There are always calls from incumbent governments, it is true, for opposition parties to release and cost their policies as early as possible. Why would governments not want to do that? Were that to occur, to be common practice, it would certainly help the reigning political party or coalition to construct a strategy to rip apart the figures.
It has come to light this week that a relatively unusual event has occurred in Australian politics. The Gillard Government, it was revealed, asked Treasury to cost three existing Coalition policies. That analysis found that those three policies would come at a cost of $4.57 billion to businesses in the first year of a Coalition Government from 2013.
As was mentioned before, governments seeking costings in a rather energetic way has always been a bit of a thing. But now it appears to have developed into a fetish. Rarely before have the calls been so relentless and so vocal. Again, that mostly goes down to the thirst for either maintaining or gaining power, a hunger that both sides of politics have at the present time.
Really though, it is completely stupid to be asking, to be demanding that opposition parties release their policies so far out from the election. If the budget state is uncertain and your party have announced, or have a well-entrenched focus on achieving a particular budget outcome, then it would be folly to release your costed policies so far out from the election.
It is almost without doubt that the Coalition will either drop outright or alter, either in part or dramatically, their existing policies. You could almost be sure that the paid parental leave scheme will be different to the existing policy. The rhetoric around that policy has shifted and talk about it from the Coalition is no longer a priority, almost to the point of no words being uttered willingly about the proposed scheme.
Not only that, but the Opposition would surely be considering a number of cuts to existing government programs. That’s a hallmark of Liberal administrations.
An interesting thought does come to mind when thinking about the reasons for the Gillard Government seeking and then leaking costings of Liberal Party policies.
The possibility of a March election has been raised in the last week or so in response to a rush on the part of the Labor Party to get legislation through the parliament before it rises for the Christmas break.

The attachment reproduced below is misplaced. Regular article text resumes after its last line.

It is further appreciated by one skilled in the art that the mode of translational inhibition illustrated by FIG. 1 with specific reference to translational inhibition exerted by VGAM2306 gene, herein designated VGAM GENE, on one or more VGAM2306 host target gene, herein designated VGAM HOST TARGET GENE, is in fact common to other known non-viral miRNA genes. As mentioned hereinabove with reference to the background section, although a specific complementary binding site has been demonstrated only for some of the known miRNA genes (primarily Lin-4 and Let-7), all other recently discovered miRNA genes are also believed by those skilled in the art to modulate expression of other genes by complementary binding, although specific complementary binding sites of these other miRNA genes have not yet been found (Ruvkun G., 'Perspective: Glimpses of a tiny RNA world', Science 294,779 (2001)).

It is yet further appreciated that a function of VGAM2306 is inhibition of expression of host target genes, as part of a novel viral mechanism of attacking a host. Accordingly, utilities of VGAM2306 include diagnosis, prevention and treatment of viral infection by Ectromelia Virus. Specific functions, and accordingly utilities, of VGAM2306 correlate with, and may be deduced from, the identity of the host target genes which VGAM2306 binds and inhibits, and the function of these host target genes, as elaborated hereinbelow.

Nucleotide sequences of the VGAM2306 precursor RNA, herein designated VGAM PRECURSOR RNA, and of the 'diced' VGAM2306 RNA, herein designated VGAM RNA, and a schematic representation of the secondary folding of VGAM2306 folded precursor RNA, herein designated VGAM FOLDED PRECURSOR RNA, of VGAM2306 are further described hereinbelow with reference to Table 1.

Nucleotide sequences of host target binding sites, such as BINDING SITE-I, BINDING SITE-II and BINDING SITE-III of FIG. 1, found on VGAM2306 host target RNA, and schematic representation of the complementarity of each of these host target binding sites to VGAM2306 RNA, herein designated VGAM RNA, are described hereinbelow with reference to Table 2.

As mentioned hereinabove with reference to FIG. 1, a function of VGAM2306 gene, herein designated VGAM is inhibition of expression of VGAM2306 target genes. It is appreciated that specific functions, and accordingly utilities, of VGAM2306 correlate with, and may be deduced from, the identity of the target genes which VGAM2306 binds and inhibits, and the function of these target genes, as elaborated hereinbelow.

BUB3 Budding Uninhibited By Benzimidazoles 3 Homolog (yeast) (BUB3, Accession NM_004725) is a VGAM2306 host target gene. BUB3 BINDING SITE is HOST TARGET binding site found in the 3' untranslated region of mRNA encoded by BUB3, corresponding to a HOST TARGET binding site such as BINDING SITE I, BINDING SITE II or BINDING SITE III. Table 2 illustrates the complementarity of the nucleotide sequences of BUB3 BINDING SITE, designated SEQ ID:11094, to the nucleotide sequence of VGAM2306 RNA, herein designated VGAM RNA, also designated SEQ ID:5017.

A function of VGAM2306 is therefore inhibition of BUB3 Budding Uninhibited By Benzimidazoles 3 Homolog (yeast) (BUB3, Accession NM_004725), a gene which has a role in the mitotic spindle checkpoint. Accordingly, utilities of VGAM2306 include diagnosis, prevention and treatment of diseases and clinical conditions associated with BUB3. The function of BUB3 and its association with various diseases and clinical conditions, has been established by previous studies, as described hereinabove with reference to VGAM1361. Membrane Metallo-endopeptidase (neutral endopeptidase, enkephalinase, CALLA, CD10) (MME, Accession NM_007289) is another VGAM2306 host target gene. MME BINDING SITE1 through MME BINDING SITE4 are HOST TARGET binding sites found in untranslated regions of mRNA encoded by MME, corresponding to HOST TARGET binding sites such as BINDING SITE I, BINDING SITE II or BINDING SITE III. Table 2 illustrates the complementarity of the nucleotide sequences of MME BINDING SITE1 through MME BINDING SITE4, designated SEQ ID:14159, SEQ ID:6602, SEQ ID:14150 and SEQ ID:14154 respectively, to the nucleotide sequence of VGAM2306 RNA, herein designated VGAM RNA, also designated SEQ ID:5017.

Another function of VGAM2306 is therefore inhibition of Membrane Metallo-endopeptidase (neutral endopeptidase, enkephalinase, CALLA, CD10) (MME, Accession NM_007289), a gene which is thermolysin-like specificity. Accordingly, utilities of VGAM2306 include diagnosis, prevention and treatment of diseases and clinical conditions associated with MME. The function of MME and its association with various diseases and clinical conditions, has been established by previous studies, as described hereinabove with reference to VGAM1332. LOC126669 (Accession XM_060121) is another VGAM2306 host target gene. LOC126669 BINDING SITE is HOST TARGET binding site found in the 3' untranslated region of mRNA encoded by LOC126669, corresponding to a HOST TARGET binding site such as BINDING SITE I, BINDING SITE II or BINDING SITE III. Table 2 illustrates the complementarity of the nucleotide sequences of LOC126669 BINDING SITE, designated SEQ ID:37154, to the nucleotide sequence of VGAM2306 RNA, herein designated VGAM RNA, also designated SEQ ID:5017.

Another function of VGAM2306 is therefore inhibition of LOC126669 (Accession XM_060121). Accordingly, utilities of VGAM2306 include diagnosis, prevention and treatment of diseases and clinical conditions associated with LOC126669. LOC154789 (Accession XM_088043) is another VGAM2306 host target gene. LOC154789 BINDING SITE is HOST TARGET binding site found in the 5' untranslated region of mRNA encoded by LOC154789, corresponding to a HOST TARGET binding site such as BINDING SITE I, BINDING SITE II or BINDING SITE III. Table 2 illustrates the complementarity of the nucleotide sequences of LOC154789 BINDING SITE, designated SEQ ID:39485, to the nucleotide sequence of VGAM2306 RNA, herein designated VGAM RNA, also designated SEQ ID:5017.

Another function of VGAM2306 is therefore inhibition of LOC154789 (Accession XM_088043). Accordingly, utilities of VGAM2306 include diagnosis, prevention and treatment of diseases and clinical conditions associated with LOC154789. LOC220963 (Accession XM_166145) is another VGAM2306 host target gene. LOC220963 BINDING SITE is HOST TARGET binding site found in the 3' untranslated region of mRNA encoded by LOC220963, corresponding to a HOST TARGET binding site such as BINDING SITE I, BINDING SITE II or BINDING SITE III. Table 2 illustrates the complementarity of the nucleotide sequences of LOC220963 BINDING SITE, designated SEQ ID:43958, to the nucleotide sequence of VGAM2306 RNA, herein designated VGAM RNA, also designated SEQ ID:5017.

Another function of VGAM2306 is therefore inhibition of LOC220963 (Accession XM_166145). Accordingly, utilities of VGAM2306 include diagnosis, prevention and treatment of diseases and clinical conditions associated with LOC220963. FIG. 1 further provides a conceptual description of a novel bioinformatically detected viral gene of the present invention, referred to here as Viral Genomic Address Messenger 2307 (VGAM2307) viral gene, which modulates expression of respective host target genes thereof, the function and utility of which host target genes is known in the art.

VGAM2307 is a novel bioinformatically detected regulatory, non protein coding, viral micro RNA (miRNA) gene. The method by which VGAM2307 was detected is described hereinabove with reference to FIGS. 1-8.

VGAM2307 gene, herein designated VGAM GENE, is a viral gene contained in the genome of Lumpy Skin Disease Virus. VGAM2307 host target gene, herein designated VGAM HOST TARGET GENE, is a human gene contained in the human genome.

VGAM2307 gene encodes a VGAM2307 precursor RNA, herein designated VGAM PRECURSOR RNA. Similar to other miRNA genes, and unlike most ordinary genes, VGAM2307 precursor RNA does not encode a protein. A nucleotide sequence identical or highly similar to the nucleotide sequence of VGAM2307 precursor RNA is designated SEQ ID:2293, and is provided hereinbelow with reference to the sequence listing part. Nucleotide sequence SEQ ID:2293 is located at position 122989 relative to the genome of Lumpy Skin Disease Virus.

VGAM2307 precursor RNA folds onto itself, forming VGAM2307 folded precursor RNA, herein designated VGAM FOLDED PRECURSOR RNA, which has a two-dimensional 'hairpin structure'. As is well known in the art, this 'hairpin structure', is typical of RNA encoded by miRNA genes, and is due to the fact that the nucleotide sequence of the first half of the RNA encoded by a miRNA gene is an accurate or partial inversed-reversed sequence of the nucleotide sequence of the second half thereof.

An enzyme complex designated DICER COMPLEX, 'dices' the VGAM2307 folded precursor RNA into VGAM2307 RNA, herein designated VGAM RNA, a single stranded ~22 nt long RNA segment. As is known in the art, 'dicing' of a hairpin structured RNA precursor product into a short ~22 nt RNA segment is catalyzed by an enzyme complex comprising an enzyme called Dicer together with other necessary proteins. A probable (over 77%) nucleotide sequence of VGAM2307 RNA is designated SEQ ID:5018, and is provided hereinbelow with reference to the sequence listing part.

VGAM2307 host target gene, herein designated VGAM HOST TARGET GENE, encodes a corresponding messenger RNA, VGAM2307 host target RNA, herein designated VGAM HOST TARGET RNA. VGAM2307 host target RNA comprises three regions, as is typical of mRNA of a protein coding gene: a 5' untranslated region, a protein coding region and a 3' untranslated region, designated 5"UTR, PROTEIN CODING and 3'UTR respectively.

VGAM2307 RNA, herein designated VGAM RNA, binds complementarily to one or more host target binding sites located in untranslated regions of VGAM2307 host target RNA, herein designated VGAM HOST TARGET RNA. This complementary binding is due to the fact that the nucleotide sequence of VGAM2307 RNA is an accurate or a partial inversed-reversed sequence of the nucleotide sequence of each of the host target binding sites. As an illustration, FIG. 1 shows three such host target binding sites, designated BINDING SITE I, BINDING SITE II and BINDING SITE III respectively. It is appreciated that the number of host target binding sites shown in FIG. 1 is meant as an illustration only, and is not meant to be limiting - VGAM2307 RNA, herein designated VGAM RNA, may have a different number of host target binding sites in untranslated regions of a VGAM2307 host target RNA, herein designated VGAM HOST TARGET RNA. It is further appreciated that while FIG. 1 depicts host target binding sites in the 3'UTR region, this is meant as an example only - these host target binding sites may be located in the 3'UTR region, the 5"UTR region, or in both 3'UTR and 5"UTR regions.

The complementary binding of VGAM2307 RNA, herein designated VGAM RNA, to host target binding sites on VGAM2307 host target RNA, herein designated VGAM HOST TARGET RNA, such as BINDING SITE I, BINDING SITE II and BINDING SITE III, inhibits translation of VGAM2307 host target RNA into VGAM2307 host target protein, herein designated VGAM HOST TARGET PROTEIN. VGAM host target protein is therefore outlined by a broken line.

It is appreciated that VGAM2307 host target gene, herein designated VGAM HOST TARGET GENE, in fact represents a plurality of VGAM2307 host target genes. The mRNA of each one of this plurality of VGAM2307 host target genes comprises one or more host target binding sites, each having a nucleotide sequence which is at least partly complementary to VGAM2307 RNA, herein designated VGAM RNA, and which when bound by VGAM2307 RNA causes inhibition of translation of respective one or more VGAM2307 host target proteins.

Of course, running up to an election, as a government, you might want to look like you are getting things done, even though to some, too much government is a very bad thing. Australians though, on the whole, while they hate their government, whatever the political complexion, they tend to want, or rely on its intervention.
And so the recent suggestion of the Coalition has some weight. An early poll probably will not eventuate, but the thought must not be discounted.
Really, the most likely reason for the politicisation of Treasury is the thirst for more political blood. Surely the Gillard Government is itching for more momentum, to capitalise on recent movements.
It is the job of the Coalition to release their final suite of policies close enough to the election to put them in the context of the fiscal position but far enough out from the polls so that the public get a good look.
Now is too far out, despite what the Labor Party and sections of the media will have you believe.
Education was seen as a very important element of the Australia in the Asian Century White Paper launched on Sunday by Prime Minister Julia Gillard at the Lowy Institute. Education standards are set to be pegged to a very challenging and likely impossible goal. This target, already outlined prior to the release of the discussion paper aims to have Australia’s education system in the world’s top five by 2025. This aspiration forms the underlying basis for tackling the “Asian Century” with the most intelligence and vigour Australia can possibly muster.
It is the specifics that matter in this, the Asian Century. A goal to improve our education outcomes dramatically, though near impossible to achieve in under 15 years is a worthy goal to strive for over the mid to long-term.
In a time when Asia already is beginning to dominate the world economically, it is important that the curriculum which guides and drives our places of education adequately responds to the realities of our place in the world. Language is an integral part of competing in an Asian dominated world as is a cultural and educational immersion in different countries in the Asia-Pacific region.